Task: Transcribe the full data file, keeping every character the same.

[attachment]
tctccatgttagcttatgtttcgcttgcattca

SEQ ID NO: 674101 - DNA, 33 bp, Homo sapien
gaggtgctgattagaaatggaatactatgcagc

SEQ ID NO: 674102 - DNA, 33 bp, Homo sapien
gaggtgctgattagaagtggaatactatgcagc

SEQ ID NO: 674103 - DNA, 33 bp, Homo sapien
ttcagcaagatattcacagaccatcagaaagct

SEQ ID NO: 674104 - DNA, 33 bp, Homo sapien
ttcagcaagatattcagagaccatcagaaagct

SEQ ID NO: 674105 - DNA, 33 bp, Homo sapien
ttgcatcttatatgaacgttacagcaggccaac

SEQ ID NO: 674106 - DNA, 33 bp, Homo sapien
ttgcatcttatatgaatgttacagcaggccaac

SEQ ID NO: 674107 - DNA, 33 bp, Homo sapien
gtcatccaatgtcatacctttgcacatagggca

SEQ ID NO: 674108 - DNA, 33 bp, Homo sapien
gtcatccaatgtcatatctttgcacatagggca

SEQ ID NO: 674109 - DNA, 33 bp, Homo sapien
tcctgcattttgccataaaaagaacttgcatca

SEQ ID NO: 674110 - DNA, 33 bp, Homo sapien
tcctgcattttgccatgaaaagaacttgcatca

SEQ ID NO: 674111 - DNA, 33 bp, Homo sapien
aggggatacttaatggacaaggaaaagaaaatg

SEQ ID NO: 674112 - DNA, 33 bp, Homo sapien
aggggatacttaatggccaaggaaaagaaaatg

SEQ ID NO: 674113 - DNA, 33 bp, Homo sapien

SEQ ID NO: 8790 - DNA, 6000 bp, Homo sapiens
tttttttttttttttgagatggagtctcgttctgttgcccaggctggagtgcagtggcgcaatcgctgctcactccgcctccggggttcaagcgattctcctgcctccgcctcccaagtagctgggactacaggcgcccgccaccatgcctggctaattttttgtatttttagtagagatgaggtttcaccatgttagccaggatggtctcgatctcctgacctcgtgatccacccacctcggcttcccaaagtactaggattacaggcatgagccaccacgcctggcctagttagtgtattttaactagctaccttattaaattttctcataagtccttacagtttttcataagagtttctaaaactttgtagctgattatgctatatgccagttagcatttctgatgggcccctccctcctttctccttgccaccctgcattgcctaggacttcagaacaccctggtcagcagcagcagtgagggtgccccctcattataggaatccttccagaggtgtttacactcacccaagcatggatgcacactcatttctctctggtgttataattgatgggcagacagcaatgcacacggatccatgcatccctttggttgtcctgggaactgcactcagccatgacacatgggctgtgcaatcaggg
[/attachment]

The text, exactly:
tctccatgttagcttatgtttcgcttgcattca

SEQ ID NO: 674101 - DNA, 33 bp, Homo sapien
gaggtgctgattagaaatggaatactatgcagc

SEQ ID NO: 674102 - DNA, 33 bp, Homo sapien
gaggtgctgattagaagtggaatactatgcagc

SEQ ID NO: 674103 - DNA, 33 bp, Homo sapien
ttcagcaagatattcacagaccatcagaaagct

SEQ ID NO: 674104 - DNA, 33 bp, Homo sapien
ttcagcaagatattcagagaccatcagaaagct

SEQ ID NO: 674105 - DNA, 33 bp, Homo sapien
ttgcatcttatatgaacgttacagcaggccaac

SEQ ID NO: 674106 - DNA, 33 bp, Homo sapien
ttgcatcttatatgaatgttacagcaggccaac

SEQ ID NO: 674107 - DNA, 33 bp, Homo sapien
gtcatccaatgtcatacctttgcacatagggca

SEQ ID NO: 674108 - DNA, 33 bp, Homo sapien
gtcatccaatgtcatatctttgcacatagggca

SEQ ID NO: 674109 - DNA, 33 bp, Homo sapien
tcctgcattttgccataaaaagaacttgcatca

SEQ ID NO: 674110 - DNA, 33 bp, Homo sapien
tcctgcattttgccatgaaaagaacttgcatca

SEQ ID NO: 674111 - DNA, 33 bp, Homo sapien
aggggatacttaatggacaaggaaaagaaaatg

SEQ ID NO: 674112 - DNA, 33 bp, Homo sapien
aggggatacttaatggccaaggaaaagaaaatg

SEQ ID NO: 674113 - DNA, 33 bp, Homo sapien

SEQ ID NO: 8790 - DNA, 6000 bp, Homo sapiens
tttttttttttttttgagatggagtctcgttctgttgcccaggctggagtgcagtggcgcaatcgctgctcactccgcctccggggttcaagcgattctcctgcctccgcctcccaagtagctgggactacaggcgcccgccaccatgcctggctaattttttgtatttttagtagagatgaggtttcaccatgttagccaggatggtctcgatctcctgacctcgtgatccacccacctcggcttcccaaagtactaggattacaggcatgagccaccacgcctggcctagttagtgtattttaactagctaccttattaaattttctcataagtccttacagtttttcataagagtttctaaaactttgtagctgattatgctatatgccagttagcatttctgatgggcccctccctcctttctccttgccaccctgcattgcctaggacttcagaacaccctggtcagcagcagcagtgagggtgccccctcattataggaatccttccagaggtgtttacactcacccaagcatggatgcacactcatttctctctggtgttataattgatgggcagacagcaatgcacacggatccatgcatccctttggttgtcctgggaactgcactcagccatgacacatgggctgtgcaatcaggg